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Architects, builders, and homeowners in 12 northeastern U.S. states were surveyed to learn how siding products were selected in new residential construction projects. This study revealed that several issues control the selection and purchase of specific materials and products. Responses in this study defined existing market shares of wood and non-wood products in the Northeast region. The rel- ative importance of performance, cost, appearance, and other factors in the product selection process were discussed. Logistic regres- sion analysis tested the significance and correlation of the demographic data with the decision-making variables. A very small number of homeowners indicated they chose the siding for their home. However, architects and contractors indicated that homeowner opinion is important when selecting siding. Appearance and performance were more important influences on the selection of siding compared to cost and personal recommendations. Significant attributes indicated that siding is expected to fit the style of house and hold up over time. Respondents were less concerned with the environmental record and service life of the preferred siding; they were, however, concerned that siding may be easily damaged. Among cost factors, installation cost and having a good warranty ranked highest. Other important factors were product reputation and the respondentsífirst-hand knowledge of the product. Architects, contractors, and mar- keting managers for siding producers can use these results to: 1) focus on important siding product attributes that match their target customer perceptions; and 2) identify siding product concerns, features, and benefits for more effective promotion to customers and the ultimate homeowner.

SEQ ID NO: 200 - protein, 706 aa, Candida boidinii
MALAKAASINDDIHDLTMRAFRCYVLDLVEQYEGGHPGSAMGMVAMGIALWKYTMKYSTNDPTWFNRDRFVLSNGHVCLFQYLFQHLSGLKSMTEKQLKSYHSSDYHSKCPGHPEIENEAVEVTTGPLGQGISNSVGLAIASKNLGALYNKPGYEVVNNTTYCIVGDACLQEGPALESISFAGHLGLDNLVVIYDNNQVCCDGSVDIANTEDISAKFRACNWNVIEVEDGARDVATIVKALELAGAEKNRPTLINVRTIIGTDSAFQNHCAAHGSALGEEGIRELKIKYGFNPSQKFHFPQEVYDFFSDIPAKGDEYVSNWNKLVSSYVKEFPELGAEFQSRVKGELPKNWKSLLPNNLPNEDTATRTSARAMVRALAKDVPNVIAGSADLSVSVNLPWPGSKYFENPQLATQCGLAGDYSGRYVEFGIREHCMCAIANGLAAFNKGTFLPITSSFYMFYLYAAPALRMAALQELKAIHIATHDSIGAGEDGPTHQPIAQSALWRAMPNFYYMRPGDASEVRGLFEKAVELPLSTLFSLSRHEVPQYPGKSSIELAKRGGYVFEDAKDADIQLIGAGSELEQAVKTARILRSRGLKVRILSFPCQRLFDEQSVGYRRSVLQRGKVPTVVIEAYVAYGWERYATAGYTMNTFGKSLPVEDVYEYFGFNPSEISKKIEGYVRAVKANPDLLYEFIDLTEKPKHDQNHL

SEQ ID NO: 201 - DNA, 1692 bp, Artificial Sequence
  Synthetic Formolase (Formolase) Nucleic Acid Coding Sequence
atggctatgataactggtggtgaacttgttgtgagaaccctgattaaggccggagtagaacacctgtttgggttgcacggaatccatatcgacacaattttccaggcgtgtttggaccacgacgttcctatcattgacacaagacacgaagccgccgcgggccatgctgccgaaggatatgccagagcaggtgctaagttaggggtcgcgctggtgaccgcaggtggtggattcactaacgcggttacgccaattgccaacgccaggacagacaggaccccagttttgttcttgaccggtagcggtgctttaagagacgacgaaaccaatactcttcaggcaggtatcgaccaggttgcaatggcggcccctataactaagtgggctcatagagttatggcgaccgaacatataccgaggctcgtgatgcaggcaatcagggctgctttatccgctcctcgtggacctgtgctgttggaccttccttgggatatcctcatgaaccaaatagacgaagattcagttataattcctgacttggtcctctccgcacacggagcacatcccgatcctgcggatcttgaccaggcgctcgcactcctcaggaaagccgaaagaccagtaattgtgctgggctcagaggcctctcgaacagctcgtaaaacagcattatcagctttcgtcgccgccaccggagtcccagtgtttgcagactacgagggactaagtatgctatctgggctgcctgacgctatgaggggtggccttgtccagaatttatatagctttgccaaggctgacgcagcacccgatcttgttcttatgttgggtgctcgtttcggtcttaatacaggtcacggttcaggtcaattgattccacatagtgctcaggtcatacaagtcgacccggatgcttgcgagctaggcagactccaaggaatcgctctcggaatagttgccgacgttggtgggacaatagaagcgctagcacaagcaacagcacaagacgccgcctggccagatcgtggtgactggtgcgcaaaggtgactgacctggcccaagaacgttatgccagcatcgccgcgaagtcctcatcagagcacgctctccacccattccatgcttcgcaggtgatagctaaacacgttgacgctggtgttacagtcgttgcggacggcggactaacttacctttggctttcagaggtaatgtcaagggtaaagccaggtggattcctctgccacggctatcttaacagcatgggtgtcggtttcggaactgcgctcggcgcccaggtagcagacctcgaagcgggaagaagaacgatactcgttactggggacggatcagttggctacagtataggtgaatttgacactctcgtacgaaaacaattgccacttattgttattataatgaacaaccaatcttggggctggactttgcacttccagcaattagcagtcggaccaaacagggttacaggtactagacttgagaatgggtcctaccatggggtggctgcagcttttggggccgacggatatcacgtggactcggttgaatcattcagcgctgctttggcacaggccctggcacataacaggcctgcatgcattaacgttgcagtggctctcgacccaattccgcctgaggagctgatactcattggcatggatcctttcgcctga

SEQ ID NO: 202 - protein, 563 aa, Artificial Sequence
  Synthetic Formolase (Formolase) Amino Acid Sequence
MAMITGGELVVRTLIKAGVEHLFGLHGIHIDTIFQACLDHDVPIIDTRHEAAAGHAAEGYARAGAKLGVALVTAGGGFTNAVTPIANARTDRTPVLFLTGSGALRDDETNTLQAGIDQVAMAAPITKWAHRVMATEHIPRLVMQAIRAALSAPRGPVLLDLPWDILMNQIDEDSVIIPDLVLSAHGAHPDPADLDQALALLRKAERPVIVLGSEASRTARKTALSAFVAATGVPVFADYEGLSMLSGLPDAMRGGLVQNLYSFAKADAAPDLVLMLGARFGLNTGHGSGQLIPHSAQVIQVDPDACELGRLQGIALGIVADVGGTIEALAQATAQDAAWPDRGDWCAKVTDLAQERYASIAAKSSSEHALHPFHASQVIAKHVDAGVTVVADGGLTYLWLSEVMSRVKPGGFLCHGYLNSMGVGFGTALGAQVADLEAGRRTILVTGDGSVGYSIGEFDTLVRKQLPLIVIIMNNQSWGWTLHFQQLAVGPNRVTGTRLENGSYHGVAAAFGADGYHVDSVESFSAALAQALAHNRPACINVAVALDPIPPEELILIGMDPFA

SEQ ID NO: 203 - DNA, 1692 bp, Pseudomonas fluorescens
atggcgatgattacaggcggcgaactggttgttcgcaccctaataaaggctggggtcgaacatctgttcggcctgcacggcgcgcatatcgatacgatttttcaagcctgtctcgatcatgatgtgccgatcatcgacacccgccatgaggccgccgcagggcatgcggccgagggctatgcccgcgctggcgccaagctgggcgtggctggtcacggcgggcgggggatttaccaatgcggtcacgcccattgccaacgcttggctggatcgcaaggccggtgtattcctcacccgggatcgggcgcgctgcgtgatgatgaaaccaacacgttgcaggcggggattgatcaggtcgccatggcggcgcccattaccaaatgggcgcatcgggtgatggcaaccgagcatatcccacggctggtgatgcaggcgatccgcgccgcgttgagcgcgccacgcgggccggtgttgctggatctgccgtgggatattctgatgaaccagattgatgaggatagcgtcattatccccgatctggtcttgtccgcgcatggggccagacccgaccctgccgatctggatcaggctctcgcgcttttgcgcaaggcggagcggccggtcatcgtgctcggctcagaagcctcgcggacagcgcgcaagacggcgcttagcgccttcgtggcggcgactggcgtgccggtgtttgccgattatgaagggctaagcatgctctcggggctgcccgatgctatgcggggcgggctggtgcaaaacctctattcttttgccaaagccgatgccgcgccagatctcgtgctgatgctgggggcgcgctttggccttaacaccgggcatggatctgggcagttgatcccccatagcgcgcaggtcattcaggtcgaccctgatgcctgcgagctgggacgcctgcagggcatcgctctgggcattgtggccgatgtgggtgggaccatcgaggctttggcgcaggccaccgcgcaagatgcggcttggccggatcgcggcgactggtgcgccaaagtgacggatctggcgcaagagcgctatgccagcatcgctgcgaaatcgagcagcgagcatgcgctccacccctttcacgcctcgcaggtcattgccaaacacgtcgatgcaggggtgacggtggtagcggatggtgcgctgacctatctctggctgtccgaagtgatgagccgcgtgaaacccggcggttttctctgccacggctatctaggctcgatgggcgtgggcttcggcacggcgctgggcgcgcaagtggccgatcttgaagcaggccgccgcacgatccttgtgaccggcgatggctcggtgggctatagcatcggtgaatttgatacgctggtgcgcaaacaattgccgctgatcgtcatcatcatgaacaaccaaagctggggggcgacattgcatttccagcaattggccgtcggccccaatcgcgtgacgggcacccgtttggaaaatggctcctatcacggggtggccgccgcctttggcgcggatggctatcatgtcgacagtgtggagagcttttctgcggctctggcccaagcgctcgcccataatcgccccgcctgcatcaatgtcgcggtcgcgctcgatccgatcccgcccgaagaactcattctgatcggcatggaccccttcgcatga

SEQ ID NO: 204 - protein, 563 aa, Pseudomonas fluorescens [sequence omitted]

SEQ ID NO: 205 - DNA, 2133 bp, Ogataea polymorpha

Material substitution in the residential construction industry is driven by a variety of factors including product availability, product performance, price, price stability, and in-place costs. As competition between softwood lumber and substitute products increases, managers need to understand end-users' changing perceptions of softwood lumber and the competitive position of softwood lumber vis a vis substitute products. This exploratory study was developed to assess the competitive relationship between softwood lumber and substitute products in structural end-use applications in the U.S. residential construction industry. In particular, the study was designed to identify those product attributes that are perceived by residential contractors to be important in influencing the substitution process. Over 90 percent of the respondents indicated that they had used at least one substitute product for softwood lumber in a structural end-use application. Despite this, respondents indicated that their use of structural softwood lumber is changing only moderately. The analysis of the data indicates that product strength and straightness were rated the most important factors, while price and price stability were also rated highly. A principal components factor analysis of the 12 product attributes identified 3 underlying factors that influence the material substitution process: the physical characteristics of the product, the technical characteristics of the product, and economic/supply characteristics of the product. Interested persons may contact the authors for a copy of the survey questionnaire.